• Yes, and I have just discovered this while installing wooden countertops I hoped to stain a deep reddish-brown. It was an Elmer’s carpetenter’s “sandable, paintable” filler, which I had mistaken for the sandable, STAINABLE wood putty. What newbie would guess there is a difference? I am horrified and beyond disappointed….having taken 2 days off work just to FINALLY stain and finish these…sitting here with one ruined section and no hope of staining the others. I will have to concrete over them or something like that. I once liked the idea of semi-rustic concrete countertops, but for months now have been SO sold on the warmth and appeal of wood.

  • I am doing my exterior front door which had been bad left unheeded for several years to the point where the stain was all but gone. On the inside of the door, our dog had scratched the bottom portion so it needed to be filled in. I purchased ZAR interior/exterior wood putty and filled in the areas on the inside and outside of the door that had deep scratches and/or chips. It is a stainable putty and comes in a Neutral color. I added a little bit of stain (Dark Walnut) to the putty, mixed it up and applied it to the door. It has dried and my question to you is after I sand the filled-in areas, should I prime those spots with an oil-based primer before applying the Minwax oil-based stain or can I just put the stain onto the door as well as the filled-in wood-putty areas without priming? What would you suggest? Thank You.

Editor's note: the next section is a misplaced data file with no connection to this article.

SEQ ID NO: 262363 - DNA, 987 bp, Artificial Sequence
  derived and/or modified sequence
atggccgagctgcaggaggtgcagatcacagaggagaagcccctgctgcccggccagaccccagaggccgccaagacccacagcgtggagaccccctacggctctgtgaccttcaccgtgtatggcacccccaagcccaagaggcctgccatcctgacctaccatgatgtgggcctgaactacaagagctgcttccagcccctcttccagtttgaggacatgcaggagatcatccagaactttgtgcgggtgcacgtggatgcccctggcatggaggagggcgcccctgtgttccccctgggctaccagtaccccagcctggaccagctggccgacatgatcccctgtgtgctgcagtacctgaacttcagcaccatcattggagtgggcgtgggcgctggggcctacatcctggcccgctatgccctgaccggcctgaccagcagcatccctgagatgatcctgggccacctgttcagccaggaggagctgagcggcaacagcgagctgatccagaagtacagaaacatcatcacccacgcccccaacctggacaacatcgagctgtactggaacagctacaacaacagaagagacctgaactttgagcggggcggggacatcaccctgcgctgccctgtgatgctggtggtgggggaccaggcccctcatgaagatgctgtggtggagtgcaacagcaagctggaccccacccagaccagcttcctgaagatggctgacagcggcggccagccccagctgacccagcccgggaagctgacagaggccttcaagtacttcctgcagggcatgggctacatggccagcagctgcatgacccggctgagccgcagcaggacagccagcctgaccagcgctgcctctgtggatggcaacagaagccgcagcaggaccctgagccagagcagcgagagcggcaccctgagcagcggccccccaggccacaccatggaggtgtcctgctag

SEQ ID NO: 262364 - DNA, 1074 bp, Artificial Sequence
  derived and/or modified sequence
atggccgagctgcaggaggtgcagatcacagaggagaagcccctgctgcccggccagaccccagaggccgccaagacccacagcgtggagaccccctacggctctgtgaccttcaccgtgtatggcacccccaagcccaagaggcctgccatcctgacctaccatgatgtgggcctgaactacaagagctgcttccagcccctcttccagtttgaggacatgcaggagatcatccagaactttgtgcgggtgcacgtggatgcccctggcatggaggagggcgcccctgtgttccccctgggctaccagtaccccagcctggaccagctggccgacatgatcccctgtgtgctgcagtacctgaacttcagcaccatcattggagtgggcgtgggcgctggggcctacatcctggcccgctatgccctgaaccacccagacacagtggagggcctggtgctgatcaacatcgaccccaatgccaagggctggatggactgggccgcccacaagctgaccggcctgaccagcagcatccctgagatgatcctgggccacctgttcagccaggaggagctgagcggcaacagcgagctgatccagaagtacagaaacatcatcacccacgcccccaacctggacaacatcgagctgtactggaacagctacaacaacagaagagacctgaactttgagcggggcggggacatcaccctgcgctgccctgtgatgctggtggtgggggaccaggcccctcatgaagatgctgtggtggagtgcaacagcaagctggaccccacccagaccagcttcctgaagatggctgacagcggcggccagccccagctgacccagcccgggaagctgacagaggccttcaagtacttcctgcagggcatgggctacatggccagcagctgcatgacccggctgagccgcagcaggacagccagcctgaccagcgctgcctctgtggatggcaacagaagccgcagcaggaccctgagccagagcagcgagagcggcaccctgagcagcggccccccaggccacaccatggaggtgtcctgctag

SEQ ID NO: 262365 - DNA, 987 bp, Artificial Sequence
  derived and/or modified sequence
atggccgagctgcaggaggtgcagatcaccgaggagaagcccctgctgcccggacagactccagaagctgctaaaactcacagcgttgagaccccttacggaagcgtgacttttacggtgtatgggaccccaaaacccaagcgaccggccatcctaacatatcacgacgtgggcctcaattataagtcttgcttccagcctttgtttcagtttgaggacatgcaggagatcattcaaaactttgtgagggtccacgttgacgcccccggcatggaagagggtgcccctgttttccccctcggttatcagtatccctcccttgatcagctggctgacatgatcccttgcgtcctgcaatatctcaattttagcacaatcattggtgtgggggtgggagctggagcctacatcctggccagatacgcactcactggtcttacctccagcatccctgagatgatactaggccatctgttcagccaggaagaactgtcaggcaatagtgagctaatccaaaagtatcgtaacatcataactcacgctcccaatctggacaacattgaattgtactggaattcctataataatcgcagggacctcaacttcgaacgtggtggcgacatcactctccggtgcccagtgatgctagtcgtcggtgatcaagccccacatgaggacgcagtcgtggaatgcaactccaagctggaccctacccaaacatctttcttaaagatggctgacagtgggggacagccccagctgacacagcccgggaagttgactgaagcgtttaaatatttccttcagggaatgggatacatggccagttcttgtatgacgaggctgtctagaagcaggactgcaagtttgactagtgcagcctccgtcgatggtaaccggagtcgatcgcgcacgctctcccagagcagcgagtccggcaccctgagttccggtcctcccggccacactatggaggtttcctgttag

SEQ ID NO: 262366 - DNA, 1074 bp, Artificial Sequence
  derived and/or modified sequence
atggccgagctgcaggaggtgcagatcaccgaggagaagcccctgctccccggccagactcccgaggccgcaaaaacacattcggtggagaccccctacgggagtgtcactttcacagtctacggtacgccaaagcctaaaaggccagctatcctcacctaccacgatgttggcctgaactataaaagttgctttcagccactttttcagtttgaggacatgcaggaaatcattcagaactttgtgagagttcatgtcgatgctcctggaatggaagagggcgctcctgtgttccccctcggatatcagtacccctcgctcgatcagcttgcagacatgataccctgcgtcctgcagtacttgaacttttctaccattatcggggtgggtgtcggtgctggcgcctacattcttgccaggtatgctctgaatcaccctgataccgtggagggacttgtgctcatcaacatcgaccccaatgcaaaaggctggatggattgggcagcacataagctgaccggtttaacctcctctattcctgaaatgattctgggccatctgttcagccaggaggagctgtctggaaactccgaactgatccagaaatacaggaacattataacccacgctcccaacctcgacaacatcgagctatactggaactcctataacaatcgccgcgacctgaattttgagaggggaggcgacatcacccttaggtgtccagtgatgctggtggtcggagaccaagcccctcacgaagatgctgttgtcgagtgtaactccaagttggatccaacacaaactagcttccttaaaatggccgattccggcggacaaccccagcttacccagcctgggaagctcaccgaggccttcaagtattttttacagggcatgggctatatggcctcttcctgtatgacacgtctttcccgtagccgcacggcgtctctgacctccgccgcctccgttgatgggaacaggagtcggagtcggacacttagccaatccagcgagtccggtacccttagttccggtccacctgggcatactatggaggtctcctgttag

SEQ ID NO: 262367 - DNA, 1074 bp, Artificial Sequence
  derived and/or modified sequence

• Greetings, everyone!

    I am so glad that I found this (however late I might be), but I was wondering about the difference between putty & filler when trying to close the gap on an extendable table that I found where the the lever is broken. Since I don’t have any of the extension pieces I wanted to permanently close the gap so that it will be a solid top. Which product would work best?

    • If the stepts that has been filled with wood filler and was dry , it gets rained on , before i can paint it , will i have to refill spots again?.

  • I have an “after the fact” question and I need help! I used DAP sparkling to some spots on my kitchen cabinets and them dry over night. Then I sanded them flush… I always closes my eyes! I am actually chalk painting them and everything went great, however, in some places the paint cracked over the spackle. I would say in about 15% of the cases. And, in those cases, I cracked all the way down to the wood… through the sparkle! Why?! I don’t want to repeat the mistake when I fix these places. Is it the chalk paint? Never had this happen with chalk paint and sparkle before.